Set casserole uncovered in middle position of preheated oven for 4 minutes. Toss the meat again and return to oven for 4 minutes (this browns the flour and coves the meat with a light crust).

Remove casserole and turn oven down to 325 degrees. Stir in wine and 2 to 3 cups stock, just enough so that the meat is barely covered. Add the tomato paste, garlic, herbs and bacon rind. Bring to a simmer on top of the stove. Cover casserole and set in lower third of oven. Regulate heat so that liquid simmers very slowly for 3 to 4 hours. The meat is done when a fork pierces it easily.

While the beef is cooking, prepare the onions and mushrooms. Heat 1 1/2 tablespoons butter with one and one-half tablespoons of the oil until bubbling in a skillet. Add onions and saute over moderate heat for about 10 minutes, rolling them so they will brown as evenly as possible. Be careful not to break their skins. You cannot expect them to brown uniformly.

Add 1/2 cup of the stock, salt and pepper to taste and the herb bouquet.

Cover and simmer slowly for 40 to 50 minutes until the onions are perfectly tender but hold their shape, and the liquid has evaporated. Remove herb bouquet and set onions aside.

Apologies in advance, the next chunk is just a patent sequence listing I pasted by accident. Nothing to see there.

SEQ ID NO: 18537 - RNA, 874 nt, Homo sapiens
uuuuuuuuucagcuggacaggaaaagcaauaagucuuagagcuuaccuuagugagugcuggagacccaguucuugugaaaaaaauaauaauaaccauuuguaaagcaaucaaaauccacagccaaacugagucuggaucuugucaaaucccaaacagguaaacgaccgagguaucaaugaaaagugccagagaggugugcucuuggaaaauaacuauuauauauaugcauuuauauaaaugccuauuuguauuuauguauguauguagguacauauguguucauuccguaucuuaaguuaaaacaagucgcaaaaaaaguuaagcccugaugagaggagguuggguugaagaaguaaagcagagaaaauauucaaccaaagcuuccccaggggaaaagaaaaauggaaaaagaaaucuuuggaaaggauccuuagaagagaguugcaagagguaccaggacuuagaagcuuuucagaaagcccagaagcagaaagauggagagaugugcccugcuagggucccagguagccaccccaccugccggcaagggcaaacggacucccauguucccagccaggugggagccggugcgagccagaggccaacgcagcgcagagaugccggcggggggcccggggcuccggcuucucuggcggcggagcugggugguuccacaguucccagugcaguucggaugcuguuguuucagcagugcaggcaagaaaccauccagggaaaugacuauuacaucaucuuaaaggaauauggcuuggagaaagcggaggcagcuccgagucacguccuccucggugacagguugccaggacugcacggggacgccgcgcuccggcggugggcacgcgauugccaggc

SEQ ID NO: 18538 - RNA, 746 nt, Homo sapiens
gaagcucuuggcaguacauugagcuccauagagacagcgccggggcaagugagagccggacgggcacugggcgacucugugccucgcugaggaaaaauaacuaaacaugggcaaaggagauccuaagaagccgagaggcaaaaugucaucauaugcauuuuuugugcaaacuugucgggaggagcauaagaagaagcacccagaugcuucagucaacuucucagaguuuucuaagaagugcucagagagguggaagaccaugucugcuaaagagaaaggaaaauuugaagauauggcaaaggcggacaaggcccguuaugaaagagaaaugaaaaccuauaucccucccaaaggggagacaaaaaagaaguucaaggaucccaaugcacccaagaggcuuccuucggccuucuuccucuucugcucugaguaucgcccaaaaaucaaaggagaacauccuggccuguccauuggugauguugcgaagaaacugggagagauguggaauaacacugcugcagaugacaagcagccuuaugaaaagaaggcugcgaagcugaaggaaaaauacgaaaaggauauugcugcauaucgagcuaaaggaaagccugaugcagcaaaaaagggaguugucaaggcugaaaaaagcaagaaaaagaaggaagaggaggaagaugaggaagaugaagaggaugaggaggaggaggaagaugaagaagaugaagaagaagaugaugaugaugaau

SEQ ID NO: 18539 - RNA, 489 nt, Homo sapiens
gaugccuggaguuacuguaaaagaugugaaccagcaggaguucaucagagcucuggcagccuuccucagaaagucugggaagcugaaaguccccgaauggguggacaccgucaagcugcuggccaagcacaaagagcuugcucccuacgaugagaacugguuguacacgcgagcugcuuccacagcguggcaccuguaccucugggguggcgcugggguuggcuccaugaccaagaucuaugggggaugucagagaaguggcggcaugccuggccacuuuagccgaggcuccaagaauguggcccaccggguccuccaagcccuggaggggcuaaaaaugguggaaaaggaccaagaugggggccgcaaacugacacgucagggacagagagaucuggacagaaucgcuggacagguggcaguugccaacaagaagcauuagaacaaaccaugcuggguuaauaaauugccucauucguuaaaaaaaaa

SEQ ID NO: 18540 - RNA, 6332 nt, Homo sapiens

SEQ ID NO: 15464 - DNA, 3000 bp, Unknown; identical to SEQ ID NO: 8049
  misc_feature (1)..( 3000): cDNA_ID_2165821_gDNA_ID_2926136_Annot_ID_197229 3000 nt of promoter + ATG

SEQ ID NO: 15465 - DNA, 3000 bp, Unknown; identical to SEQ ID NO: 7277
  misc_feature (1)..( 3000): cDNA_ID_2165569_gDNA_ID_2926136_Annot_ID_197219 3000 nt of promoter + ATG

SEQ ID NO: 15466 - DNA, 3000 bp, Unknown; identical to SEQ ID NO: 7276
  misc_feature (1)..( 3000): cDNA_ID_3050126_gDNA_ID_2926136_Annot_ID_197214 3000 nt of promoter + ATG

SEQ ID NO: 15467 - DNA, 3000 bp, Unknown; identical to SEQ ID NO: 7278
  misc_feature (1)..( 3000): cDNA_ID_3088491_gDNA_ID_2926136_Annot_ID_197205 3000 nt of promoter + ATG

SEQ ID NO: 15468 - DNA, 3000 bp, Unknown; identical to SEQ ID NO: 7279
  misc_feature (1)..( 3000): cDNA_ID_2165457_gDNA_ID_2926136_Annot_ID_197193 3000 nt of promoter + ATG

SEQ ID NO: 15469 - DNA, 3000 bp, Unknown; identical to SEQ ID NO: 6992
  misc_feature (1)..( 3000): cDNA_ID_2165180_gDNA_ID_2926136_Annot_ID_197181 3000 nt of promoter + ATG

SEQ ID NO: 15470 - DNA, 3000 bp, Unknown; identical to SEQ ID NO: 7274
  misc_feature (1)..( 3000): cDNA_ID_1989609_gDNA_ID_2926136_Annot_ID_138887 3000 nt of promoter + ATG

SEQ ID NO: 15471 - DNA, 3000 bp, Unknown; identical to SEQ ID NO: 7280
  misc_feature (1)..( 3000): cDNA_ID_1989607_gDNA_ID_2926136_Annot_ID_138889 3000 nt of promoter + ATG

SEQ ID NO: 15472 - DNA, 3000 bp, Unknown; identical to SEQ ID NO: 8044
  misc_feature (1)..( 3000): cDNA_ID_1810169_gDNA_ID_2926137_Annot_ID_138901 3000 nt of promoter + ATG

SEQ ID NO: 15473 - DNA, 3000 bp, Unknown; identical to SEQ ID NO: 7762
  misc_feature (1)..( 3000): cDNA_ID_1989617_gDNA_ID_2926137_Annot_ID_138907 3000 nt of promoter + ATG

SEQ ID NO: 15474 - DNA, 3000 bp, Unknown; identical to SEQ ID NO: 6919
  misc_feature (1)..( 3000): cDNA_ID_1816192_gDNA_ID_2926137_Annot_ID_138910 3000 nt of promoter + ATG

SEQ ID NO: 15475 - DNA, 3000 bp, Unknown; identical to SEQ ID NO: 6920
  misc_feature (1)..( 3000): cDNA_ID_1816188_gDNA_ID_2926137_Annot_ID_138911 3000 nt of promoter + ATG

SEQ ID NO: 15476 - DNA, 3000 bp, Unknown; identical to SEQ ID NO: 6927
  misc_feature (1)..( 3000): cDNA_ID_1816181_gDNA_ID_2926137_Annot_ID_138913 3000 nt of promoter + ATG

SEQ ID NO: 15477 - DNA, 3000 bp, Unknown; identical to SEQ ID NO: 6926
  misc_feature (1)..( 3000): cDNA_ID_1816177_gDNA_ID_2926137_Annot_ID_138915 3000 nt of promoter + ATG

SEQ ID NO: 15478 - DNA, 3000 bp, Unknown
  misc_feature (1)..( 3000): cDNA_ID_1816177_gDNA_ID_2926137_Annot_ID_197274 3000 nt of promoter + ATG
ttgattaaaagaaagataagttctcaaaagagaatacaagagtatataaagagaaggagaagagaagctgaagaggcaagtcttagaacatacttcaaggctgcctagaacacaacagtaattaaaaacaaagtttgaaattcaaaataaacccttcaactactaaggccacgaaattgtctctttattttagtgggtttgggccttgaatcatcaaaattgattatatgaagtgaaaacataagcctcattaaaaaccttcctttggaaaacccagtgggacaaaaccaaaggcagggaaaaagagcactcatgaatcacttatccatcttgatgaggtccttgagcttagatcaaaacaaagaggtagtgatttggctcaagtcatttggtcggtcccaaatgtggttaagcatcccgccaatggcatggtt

Wipe out skillet and heat remaining oil and butter over high heat. As soon as you see butter has begun to subside, indicating it is hot enough, add mushrooms.

Toss and shake pan for 4 to 5 minutes. As soon as they have begun to brown lightly, remove from heat.

When the meat is tender, pour the contents of the casserole into a sieve set over a saucepan.

Wash out the casserole and return the beef and lardons to it. Distribute the cooked onions and mushrooms on top.

Skim fat off sauce in saucepan. Simmer sauce for a minute or 2, skimming off additional fat as it rises. You should have about 2 1/2 cups of sauce thick enough to coat a spoon lightly.

If too thin, boil it down rapidly. If too thick, mix in a few tablespoons stock. Taste carefully for seasoning.

Pour sauce over meat and vegetables. Cover and simmer 2 to 3 minutes, basting the meat and vegetables with the sauce several times.

Serve in casserole, or arrange stew on a platter surrounded with potatoes, noodles or rice, and decorated with parsley.

There are many more wonderfully exquisite dishes that will remind everyone at your table that it's fall. Below are varied in difficulty but well worth it. Just give it a try and you won't regret it.

Asian-Glazed Braised Short Ribs By Molly Stevens Fine Cooking Issue 77 Scott Phillips


4 to 5 lb. meaty bone-in beef short ribs, preferably English style

1 Tbs. five-spice powder

2 tsp. kosher salt; more as needed

2 tsp. light or dark brown sugar

1 tsp. coriander seeds, toasted and ground

1/2 tsp. cumin seeds, toasted and ground

1/2 tsp. coarsely ground black pepper

3 Tbs. peanut oil

2 large yellow onions, coarsely chopped

3 large cloves garlic, smashed and peeled

2 Tbs. coarsely chopped fresh ginger

1 12-oz. bottle lager beer at room temperature; more if needed